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College To Honor Criminal Justice Students, Leaders

April 19, 2013
SHSU Media Contact: Beth Kuhles

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students on stage during the College of Criminal Justice Honors Convocation
The College of Criminal Justice annually recognizes its outstanding students during the Honors Convocation, pictured above during last year's ceremony.

The Sam Houston State University College of Criminal Justice will pay tribute to its best students and alumni as well as fallen heroes during its Honors Day celebration on Thursday (April 25).

The annual, all-day event will include the “Leadership Luncheon,” a celebration to recognize distinguished alumni, student organization leaders and outstanding scholars; the Sundial ceremony, a reflection on criminal justice professionals lost in the line of duty; and the Honors Convocation, a ceremony to recognize outstanding undergraduate and graduate students and to present scholarships.

Leaders from the College of Criminal Justice will honor law enforcement professionals who have lost their lives in the call of duty during the Sundial Ceremony at 1:30 p.m. outside the main entrance to the Criminal Justice Center.

The event, open to the public, will include a procession by the SHSU ROTC Honor Guard and remarks by Weimer Police Chief Bill Livingston, a representative of the Law Enforcement Management Institute’s Leadership Command College, as well as Doug Dretke, executive director of the Correctional Management Institute of Texas, who will discuss the significance of the Sundial.

Earlier in the day, Gerard “Gerry” Ramker (’83 Ph.D.) will be presented the “Distinguished Alumni” award for his contributions to the field of criminal justice during this year’s “Leadership Luncheon.”

The Leadership Luncheon will honor officers for the College of Criminal Justice’s seven student organizations, including Alpha Phi Sigma, Lambda Alpha Epsilon, Phi Alpha Delta, the National Association of Blacks in Criminal Justice, the Society of Forensic Science, the Crime Victim Services Alliance, the Graduate Student Organization and the Association of Certified Fraud Examiners. Graduate students who have earned top awards in national and international research will also be recognized.

Ramker is deputy director at the U.S. Bureau of Justice Statistics in Washington, D.C., where he oversees three federal grant programs to update criminal history information, provide statistical analysis of criminal justice data, and improve criminal background check records for firearms purchase.

His efforts have contributed to the National Criminal History Improvement Program, which provides a national and international electronic database of 76 million “rap sheets.”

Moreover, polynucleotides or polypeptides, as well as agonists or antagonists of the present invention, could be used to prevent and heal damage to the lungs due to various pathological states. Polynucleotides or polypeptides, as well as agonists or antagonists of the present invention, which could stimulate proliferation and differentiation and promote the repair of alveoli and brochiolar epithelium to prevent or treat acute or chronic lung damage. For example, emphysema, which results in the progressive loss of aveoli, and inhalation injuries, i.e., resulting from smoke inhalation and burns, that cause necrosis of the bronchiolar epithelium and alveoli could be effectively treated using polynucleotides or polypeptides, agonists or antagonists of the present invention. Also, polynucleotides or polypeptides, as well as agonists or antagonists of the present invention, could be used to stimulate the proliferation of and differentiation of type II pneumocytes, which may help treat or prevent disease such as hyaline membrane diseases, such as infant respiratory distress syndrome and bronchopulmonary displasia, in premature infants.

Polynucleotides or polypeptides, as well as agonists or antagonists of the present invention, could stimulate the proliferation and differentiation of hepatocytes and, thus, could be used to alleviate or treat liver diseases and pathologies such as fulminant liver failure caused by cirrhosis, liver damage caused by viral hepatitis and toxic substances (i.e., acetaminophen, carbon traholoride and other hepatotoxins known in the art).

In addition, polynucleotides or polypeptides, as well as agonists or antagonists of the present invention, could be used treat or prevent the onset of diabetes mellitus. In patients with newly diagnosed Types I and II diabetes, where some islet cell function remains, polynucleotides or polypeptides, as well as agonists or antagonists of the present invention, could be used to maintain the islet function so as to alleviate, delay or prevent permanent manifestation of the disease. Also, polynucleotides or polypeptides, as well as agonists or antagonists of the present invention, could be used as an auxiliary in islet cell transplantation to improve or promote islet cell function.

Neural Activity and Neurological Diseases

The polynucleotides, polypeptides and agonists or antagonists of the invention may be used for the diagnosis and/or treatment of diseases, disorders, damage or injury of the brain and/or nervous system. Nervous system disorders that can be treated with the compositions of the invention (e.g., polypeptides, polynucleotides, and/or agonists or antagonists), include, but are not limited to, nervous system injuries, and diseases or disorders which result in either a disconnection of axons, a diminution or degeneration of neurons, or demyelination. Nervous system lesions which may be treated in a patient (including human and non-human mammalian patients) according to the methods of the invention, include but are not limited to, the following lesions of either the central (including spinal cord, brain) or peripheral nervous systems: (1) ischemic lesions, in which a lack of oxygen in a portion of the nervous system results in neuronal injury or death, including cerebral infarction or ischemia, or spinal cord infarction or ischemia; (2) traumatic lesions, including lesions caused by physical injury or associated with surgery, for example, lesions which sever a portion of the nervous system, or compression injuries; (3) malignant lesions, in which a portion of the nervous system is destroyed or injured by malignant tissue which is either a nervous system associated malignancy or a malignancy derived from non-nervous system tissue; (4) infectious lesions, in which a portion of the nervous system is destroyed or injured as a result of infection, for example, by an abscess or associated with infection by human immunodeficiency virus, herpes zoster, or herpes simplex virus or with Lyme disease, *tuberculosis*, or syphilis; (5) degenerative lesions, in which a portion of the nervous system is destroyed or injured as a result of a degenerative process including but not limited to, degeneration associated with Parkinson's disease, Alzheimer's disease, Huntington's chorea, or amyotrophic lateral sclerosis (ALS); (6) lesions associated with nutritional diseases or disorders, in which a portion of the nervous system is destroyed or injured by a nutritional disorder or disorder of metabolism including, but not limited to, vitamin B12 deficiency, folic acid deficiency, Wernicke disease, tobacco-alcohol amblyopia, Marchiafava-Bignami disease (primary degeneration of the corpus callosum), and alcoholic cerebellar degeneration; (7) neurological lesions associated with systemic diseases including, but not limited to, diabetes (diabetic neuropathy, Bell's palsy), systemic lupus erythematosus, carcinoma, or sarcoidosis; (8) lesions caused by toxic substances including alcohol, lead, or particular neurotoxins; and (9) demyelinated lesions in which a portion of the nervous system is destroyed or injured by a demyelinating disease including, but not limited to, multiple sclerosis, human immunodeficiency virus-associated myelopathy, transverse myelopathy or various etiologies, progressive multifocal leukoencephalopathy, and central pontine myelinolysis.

students, staff, and faculty at the Sundial Ceremony
This year's Sundial Ceremony, which pays tribute to those who have lost their lives in the call of duty, will be on April 25, at 1:30 p.m. outside of the Criminal Justice Center. —Submitted photos

He also oversees the State Justice Statistics Program, which provides grants to states to promote statistical analysis which have been used to develop corrections and crime data, to measure the effectiveness of crime prevention programs and to test recidivism reduction efforts; and the National Instant Criminal Background Check System Act Record Improvement Program, a database used by state and federal licensed firearms dealers for background checks for weapon purchases.

Ramker has received the prestigious O.J. Hawkins Award, the only nationally recognized, competitive award in the field of criminal justice information management.

The day is capped off with the Honors Convocation, which recognizes the highest standards of academic achievement and celebrates the accomplishments of its very best students.

For the 2012-13 school year, 186 students have attained the honors designation, which requires the completion of no less than 12 hours in the fall semester, enrollment in 12 hours in the spring semester, a 3.5 grade point average overall at SHSU, and a minimum of 24 hours completed at the university.

“This is a chance for the College of Criminal Justice to recognize its best and brightest students,” said Vincent Webb, dean of the College and director of the Criminal Justice Center. “We have many outstanding students and scholars attending our program.”

In addition, 64 students—many of whom are honors recipients—will receive scholarships, including two new awards from Nancy Kratzer, former deputy special agent in charge of Homeland Security Investigations in Dallas, and David L. Smith, a former Brazoria County constable and death investigator and emergency management coordinator for Manvel and Pearland.

The Honors Convocation keynote speaker will be Phillip Lyons, director of the Division of Professional Justice Studies at the College of Criminal Justice.

Lyons spent several years in law enforcement, where he was a detective specializing in crimes involving children, before joining the SHSU faculty in 1995.

He has written or coauthored dozens of scholarly and professional works and serves as the executive director for the Center for Policing Innovation.

In 2012, Lyons was named the first recipient of the David Payne Academic Community Engagement Award at SHSU, which recognizes excellence in community engagement through teaching, research and service.



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